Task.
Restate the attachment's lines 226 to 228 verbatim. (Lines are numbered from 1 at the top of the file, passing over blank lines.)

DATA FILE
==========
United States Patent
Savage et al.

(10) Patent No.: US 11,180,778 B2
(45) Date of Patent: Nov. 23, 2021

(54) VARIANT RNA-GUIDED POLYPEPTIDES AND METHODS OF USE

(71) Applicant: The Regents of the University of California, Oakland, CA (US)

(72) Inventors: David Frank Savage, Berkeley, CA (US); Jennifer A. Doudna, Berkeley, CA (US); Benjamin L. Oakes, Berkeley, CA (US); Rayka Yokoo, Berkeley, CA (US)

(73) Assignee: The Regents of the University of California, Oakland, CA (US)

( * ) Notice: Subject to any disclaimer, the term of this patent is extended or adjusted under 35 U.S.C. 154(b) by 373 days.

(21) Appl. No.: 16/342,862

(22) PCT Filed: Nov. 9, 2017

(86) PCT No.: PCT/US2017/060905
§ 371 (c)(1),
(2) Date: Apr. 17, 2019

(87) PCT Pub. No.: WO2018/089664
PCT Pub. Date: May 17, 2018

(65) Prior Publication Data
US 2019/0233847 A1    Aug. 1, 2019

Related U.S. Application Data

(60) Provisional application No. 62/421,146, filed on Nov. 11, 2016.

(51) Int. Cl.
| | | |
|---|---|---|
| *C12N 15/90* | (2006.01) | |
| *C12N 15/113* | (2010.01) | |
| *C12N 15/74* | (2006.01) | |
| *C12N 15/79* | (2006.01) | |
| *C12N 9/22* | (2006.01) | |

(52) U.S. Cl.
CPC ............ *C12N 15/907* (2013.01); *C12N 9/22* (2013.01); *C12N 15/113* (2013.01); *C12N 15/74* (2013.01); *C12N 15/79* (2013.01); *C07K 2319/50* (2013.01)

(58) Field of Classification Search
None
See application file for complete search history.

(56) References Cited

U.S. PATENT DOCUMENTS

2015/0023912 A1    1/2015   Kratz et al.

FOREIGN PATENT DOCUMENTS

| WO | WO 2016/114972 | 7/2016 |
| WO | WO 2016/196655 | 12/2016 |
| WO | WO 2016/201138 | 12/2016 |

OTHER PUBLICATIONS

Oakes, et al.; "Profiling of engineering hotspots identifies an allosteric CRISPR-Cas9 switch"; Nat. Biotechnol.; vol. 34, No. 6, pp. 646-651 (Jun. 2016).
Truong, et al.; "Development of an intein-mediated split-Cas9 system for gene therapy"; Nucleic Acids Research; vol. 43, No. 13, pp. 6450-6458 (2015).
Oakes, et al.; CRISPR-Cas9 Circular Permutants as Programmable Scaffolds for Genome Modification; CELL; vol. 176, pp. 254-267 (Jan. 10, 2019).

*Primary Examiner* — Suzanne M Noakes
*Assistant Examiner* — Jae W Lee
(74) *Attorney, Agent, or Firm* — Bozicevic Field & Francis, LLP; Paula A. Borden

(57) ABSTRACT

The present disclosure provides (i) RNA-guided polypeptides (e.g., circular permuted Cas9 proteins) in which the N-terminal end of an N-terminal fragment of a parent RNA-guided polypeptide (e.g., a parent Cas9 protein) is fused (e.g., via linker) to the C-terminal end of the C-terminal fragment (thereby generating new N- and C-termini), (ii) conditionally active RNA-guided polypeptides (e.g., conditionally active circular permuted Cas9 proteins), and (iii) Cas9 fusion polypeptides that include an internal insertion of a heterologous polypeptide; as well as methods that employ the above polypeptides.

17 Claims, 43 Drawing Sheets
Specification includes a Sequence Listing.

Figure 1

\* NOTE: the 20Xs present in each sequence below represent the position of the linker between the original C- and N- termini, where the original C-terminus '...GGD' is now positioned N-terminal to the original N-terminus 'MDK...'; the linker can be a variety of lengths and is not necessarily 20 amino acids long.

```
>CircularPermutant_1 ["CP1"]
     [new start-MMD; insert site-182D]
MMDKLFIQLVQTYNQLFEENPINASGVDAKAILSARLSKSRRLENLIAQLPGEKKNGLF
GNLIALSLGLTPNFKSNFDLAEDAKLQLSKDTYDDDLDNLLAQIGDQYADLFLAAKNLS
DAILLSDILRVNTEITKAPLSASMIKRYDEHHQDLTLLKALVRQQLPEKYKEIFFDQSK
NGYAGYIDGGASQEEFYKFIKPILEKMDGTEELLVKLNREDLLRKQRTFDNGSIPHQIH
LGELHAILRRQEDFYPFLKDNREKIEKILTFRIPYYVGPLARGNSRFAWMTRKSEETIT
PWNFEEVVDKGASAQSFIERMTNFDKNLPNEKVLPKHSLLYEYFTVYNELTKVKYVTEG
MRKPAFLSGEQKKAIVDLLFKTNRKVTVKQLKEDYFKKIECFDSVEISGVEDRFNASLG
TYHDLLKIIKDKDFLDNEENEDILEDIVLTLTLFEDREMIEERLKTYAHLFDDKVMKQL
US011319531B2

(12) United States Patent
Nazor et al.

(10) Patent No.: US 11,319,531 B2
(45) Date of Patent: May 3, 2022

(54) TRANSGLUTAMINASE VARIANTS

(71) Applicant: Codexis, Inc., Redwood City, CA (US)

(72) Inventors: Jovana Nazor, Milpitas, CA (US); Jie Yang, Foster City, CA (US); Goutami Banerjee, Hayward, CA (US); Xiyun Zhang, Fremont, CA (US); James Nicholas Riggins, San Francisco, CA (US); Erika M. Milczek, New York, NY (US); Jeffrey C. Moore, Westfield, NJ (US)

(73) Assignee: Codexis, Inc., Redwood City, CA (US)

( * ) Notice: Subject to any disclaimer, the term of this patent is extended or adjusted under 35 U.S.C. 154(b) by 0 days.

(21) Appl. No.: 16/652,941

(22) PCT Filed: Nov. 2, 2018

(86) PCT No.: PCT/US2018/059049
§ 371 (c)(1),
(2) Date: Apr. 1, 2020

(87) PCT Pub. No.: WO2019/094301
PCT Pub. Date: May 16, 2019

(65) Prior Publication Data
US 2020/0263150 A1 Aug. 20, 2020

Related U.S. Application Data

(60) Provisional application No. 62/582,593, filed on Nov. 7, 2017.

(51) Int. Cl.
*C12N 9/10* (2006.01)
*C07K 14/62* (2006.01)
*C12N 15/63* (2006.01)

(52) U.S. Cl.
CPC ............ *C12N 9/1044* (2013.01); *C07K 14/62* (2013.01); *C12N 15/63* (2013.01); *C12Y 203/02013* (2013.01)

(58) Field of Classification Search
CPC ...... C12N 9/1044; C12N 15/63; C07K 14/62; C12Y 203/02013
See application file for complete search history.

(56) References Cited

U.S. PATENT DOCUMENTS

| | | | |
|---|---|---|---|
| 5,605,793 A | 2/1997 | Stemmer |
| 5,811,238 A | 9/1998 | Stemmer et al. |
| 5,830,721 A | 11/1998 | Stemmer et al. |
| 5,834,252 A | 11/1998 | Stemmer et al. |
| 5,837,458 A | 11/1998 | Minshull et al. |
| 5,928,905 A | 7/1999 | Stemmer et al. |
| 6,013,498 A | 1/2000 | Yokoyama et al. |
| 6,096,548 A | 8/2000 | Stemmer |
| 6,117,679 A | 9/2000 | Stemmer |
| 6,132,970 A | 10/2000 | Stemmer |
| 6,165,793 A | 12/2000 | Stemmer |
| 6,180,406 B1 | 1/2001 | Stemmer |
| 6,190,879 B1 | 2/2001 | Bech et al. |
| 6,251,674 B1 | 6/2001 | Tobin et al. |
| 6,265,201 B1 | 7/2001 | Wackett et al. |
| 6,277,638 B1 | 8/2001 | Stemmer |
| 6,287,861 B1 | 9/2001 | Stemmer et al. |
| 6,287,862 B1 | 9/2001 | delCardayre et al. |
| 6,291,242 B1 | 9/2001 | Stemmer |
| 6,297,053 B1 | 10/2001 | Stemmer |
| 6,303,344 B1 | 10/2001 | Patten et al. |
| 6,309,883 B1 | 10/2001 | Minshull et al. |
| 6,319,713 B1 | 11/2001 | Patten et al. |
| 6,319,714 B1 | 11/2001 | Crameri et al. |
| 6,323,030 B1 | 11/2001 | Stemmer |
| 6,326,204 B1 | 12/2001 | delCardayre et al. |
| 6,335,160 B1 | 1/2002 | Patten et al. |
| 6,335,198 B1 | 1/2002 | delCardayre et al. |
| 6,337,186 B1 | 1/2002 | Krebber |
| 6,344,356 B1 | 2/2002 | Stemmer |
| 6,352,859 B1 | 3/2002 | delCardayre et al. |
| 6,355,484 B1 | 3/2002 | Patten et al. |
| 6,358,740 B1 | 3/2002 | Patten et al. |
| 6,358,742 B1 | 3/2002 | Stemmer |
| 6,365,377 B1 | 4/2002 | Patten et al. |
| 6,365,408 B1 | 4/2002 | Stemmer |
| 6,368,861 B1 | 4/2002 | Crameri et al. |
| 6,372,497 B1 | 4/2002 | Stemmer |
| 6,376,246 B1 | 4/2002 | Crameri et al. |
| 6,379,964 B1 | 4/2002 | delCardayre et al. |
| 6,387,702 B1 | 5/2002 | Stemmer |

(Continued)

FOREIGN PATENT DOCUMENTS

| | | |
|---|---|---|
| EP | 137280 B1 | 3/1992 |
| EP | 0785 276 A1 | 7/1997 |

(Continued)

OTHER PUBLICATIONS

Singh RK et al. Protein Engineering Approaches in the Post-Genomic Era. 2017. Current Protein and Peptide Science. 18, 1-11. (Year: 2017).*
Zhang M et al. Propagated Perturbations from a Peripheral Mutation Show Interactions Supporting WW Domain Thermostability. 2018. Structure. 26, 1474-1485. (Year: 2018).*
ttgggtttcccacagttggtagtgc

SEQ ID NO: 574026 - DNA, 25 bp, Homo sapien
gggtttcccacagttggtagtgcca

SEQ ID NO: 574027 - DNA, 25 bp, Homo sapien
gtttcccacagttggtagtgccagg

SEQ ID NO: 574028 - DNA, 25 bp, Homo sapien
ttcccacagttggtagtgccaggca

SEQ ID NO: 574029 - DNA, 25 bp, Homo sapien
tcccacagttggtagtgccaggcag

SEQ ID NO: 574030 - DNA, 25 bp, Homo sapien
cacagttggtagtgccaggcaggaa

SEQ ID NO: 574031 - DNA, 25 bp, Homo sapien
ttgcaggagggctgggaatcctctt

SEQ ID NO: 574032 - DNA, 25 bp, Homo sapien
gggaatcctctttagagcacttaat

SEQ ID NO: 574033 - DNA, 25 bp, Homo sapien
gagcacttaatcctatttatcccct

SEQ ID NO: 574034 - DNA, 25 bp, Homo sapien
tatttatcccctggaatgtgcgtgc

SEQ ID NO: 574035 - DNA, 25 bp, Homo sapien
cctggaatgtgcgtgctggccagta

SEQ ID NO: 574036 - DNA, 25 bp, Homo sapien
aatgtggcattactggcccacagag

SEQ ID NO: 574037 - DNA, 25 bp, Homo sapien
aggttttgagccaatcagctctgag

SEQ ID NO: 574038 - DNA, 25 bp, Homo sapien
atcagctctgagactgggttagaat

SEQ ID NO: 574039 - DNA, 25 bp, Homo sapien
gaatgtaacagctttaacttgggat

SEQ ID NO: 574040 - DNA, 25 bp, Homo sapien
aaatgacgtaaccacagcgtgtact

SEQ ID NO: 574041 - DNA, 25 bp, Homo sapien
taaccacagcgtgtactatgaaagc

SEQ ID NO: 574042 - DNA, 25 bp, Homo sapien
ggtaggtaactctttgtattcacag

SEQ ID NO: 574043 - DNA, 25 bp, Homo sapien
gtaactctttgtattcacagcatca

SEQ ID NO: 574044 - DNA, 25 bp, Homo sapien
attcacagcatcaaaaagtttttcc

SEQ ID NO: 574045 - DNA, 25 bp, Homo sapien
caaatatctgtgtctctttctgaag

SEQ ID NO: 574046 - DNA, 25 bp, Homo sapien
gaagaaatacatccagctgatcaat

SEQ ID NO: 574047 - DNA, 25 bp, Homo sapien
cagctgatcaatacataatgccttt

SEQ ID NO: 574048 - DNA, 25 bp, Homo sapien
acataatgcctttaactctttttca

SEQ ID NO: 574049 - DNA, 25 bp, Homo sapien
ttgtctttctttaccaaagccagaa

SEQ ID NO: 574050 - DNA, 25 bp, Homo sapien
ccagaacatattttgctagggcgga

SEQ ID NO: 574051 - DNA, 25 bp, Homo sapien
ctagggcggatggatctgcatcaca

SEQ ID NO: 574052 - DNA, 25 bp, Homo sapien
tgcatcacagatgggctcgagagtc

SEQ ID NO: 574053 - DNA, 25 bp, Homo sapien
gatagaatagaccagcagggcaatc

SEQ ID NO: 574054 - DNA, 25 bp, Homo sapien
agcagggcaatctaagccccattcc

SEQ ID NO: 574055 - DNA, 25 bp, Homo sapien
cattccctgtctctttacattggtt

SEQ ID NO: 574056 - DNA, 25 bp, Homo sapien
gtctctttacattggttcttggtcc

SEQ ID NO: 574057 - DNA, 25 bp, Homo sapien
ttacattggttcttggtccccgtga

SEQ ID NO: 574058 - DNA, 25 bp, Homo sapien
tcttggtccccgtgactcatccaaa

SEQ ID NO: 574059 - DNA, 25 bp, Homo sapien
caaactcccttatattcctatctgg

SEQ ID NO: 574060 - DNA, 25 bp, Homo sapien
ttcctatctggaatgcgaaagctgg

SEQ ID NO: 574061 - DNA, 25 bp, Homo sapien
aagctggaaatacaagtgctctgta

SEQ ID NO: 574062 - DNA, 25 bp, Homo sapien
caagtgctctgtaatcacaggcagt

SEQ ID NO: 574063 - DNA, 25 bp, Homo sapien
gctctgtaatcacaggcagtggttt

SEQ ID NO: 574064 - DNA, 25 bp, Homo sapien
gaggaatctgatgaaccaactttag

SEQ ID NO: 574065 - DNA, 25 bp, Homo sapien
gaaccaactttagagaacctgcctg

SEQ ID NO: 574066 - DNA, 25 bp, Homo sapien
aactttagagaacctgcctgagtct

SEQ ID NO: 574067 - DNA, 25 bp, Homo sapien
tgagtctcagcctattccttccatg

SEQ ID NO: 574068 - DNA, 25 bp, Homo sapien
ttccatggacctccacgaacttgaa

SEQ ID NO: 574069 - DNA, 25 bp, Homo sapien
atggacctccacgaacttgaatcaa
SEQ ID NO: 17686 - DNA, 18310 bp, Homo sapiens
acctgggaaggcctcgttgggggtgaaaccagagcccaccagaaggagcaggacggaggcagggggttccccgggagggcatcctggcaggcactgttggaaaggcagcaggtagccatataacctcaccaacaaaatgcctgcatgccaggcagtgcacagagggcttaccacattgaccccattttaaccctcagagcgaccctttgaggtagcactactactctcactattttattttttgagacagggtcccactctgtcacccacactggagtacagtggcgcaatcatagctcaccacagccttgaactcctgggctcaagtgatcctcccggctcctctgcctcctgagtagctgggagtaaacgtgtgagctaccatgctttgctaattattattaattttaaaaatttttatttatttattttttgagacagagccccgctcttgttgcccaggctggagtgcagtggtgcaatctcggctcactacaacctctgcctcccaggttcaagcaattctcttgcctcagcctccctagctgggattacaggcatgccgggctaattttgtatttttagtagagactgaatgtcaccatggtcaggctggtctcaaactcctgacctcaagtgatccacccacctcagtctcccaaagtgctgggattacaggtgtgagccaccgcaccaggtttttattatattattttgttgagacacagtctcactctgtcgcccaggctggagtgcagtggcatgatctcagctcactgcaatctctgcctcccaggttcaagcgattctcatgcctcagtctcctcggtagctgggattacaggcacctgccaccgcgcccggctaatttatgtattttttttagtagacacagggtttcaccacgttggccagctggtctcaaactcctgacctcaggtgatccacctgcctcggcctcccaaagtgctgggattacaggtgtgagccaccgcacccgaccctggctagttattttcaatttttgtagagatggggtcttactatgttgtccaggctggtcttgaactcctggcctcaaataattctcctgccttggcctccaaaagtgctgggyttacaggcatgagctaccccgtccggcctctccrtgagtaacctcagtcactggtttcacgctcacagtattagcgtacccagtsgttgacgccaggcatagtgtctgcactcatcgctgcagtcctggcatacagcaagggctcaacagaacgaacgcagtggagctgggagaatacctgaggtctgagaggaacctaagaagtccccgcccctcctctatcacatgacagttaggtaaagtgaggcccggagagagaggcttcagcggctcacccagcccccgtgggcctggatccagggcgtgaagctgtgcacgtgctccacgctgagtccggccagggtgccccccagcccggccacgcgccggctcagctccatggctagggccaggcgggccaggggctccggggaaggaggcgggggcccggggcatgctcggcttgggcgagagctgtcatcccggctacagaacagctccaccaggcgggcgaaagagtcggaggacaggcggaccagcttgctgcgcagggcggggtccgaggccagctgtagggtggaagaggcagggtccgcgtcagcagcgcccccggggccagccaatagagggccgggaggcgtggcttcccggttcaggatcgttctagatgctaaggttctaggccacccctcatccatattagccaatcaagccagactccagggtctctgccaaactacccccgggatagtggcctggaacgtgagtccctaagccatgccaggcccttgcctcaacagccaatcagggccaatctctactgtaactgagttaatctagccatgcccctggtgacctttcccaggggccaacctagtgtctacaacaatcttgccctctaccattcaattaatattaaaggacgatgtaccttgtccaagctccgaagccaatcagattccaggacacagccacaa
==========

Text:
gctctgtaatcacaggcagtggttt

SEQ ID NO: 574064 - DNA, 25 bp, Homo sapien
gaggaatctgatgaaccaactttag